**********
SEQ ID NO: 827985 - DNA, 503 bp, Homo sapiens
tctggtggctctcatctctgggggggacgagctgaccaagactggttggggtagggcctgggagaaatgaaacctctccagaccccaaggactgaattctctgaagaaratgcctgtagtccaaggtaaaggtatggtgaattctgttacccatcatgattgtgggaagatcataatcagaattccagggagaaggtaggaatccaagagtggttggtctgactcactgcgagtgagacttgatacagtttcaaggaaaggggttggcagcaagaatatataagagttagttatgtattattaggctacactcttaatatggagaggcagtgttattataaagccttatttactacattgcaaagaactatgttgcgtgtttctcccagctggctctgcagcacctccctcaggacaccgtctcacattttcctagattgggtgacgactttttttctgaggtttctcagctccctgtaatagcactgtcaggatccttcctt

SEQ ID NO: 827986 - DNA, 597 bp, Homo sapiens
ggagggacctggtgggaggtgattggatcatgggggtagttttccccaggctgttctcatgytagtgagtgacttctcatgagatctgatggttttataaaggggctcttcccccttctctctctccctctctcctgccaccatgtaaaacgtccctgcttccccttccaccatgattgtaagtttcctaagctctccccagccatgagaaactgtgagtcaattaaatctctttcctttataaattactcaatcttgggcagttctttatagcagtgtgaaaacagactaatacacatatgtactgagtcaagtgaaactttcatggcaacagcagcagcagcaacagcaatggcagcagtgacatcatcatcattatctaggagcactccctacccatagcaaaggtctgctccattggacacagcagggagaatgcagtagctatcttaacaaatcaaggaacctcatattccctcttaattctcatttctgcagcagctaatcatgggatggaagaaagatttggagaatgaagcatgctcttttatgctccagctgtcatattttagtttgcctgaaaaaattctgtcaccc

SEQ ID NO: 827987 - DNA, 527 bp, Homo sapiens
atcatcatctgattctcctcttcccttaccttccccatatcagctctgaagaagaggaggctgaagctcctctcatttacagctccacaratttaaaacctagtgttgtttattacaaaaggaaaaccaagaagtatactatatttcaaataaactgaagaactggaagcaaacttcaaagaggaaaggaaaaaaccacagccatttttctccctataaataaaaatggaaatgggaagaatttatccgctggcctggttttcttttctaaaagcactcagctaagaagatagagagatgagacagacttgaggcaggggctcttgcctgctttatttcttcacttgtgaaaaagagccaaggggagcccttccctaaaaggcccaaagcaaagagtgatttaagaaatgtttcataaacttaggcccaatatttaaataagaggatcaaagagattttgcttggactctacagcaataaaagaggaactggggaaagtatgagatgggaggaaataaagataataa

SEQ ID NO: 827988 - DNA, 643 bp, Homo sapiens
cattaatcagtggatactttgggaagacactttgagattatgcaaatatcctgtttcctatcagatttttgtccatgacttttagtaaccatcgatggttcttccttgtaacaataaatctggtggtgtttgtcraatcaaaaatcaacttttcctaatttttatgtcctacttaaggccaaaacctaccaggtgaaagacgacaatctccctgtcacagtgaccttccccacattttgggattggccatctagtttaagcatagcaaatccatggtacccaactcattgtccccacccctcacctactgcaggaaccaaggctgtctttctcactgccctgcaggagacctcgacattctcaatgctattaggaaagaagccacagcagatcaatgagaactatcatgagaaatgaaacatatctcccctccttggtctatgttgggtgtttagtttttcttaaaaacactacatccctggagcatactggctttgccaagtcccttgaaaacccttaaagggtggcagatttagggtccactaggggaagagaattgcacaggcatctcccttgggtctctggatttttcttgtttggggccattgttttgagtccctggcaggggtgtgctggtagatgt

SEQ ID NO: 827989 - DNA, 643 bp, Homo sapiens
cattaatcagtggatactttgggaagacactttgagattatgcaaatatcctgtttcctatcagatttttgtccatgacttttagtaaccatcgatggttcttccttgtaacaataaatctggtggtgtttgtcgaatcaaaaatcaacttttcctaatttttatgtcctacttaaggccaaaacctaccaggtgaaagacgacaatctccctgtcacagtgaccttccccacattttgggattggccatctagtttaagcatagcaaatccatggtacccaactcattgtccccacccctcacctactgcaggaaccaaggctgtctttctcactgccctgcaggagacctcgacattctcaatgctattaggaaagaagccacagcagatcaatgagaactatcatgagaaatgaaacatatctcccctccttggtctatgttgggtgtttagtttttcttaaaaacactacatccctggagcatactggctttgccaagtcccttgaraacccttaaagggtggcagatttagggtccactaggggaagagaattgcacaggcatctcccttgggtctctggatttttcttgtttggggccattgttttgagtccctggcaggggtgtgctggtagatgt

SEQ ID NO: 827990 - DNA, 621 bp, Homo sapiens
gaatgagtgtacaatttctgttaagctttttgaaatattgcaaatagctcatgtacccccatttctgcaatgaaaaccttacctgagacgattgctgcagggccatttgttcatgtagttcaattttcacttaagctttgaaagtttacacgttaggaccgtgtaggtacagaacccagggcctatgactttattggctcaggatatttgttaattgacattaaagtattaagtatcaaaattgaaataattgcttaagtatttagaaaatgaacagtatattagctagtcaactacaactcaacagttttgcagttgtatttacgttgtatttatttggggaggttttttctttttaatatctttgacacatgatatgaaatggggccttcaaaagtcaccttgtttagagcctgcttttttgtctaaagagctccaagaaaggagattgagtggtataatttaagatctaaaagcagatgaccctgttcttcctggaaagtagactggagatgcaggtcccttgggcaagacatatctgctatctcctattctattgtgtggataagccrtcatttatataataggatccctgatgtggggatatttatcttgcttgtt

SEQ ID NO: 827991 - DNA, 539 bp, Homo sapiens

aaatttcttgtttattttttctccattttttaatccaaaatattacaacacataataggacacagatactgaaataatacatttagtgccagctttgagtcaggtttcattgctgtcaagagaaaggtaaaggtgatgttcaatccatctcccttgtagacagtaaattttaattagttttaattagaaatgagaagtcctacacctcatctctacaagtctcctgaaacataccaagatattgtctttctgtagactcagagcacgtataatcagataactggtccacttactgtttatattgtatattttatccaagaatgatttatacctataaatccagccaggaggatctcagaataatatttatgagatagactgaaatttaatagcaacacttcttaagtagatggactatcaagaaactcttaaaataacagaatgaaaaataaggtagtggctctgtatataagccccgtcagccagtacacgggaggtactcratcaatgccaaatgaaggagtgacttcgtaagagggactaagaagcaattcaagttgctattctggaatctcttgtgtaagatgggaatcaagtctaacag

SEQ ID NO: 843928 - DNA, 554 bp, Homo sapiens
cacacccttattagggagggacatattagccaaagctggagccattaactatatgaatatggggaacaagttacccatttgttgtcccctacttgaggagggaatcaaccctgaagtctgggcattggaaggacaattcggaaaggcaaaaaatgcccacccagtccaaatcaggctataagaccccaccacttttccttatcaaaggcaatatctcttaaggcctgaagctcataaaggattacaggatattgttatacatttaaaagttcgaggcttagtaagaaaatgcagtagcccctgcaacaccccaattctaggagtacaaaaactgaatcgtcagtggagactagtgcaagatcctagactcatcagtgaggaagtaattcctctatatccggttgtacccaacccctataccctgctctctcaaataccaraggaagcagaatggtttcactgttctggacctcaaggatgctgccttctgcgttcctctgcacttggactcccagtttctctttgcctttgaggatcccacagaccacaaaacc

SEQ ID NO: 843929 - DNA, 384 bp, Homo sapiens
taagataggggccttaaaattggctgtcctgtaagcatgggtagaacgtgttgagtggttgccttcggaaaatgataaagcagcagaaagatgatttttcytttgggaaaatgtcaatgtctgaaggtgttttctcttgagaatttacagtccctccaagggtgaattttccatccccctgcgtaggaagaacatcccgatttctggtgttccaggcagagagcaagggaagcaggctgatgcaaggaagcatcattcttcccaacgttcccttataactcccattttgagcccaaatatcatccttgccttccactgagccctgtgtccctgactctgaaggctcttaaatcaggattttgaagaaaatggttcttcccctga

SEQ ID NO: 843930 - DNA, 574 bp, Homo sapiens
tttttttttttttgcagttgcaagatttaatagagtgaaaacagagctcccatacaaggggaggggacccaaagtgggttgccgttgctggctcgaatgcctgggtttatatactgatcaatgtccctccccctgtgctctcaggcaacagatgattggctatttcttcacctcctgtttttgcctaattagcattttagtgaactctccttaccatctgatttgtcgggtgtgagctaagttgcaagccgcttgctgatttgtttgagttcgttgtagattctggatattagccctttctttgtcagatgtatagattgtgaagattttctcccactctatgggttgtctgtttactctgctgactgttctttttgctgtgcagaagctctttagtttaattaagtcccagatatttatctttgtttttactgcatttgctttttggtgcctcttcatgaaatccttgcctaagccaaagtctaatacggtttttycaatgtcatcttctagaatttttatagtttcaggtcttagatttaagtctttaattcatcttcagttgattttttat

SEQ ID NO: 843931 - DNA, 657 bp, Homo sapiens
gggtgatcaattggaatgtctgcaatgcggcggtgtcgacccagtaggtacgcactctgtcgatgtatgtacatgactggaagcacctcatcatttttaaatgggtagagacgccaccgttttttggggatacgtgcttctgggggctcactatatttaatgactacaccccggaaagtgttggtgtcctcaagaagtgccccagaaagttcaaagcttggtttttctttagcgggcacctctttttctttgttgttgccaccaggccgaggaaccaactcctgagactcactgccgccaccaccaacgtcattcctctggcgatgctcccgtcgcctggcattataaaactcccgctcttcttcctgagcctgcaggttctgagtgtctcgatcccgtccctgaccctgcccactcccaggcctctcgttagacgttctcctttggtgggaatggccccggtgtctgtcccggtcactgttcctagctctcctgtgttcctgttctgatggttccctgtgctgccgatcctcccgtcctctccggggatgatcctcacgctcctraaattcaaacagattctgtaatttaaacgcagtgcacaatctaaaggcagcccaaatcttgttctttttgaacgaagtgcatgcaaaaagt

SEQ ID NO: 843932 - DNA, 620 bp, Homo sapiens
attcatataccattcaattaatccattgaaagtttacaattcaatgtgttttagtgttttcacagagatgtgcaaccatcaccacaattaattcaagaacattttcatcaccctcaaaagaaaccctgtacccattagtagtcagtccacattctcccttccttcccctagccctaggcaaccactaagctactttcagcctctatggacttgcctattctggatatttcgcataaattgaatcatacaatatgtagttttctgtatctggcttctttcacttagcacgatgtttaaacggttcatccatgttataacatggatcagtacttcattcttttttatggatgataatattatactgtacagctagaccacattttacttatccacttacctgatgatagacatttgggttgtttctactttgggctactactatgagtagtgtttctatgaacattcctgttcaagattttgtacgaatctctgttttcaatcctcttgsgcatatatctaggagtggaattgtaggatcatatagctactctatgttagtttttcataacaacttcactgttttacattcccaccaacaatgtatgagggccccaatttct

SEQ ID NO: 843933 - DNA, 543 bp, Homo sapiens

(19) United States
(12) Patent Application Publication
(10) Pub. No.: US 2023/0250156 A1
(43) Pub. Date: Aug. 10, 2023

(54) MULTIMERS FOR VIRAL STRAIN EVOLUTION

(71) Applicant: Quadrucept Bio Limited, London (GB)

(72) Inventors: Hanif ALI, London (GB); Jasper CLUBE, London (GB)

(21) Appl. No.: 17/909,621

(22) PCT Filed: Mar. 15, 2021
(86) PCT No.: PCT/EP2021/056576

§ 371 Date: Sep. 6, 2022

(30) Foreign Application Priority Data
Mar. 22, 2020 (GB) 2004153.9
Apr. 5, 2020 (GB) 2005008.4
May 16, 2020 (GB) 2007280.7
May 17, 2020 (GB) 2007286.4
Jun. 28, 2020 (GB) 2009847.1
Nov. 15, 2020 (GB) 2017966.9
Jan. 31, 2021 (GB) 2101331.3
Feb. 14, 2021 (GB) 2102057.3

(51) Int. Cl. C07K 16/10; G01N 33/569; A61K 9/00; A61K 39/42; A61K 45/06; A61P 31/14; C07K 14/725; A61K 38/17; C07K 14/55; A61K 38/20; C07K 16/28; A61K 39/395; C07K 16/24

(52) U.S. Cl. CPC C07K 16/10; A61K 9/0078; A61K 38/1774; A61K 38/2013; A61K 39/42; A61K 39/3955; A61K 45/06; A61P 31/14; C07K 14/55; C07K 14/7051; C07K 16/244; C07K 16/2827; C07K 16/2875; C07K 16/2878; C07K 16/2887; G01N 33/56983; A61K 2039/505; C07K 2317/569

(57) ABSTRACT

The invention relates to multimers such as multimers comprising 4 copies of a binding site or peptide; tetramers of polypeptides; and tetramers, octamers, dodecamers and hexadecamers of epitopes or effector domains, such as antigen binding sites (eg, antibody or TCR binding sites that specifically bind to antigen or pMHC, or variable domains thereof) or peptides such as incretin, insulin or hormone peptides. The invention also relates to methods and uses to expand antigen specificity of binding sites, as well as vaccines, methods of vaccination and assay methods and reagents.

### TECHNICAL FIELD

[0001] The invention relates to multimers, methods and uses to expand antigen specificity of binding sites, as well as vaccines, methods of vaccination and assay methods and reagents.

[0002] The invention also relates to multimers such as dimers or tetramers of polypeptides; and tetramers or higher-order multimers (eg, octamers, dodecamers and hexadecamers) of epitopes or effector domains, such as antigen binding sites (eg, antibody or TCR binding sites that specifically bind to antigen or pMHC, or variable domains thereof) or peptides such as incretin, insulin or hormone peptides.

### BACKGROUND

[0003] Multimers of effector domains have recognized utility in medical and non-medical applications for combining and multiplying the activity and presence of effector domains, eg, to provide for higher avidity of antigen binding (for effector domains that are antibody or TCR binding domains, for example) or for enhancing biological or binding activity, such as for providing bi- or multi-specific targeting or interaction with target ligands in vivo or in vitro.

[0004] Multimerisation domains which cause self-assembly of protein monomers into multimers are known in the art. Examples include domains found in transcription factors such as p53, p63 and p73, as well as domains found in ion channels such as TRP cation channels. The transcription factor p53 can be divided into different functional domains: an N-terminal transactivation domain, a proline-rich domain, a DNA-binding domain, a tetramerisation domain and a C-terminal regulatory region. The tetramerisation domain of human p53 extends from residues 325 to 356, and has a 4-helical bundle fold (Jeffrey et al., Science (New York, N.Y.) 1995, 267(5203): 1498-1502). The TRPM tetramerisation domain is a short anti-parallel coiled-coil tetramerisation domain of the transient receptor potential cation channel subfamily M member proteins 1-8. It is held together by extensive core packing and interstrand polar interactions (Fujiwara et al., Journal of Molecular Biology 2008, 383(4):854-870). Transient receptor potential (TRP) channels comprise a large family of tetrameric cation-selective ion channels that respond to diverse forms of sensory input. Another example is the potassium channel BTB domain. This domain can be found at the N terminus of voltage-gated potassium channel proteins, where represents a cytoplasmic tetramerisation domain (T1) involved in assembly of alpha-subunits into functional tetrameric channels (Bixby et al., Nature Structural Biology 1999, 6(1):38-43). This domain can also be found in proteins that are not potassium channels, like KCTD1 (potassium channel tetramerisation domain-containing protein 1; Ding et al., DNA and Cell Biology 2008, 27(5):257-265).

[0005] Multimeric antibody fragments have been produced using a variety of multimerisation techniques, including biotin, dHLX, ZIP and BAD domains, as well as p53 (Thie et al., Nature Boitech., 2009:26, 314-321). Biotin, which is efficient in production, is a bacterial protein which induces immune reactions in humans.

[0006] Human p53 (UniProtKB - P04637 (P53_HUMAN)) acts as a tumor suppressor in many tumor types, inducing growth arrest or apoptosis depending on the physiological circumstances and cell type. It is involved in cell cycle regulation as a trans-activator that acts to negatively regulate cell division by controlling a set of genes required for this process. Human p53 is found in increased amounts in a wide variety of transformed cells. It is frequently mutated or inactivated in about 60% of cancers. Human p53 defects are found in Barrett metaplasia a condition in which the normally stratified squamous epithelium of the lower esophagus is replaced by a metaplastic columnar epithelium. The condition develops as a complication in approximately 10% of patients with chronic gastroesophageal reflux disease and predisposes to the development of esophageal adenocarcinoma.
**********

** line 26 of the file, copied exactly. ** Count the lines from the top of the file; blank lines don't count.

(19) United States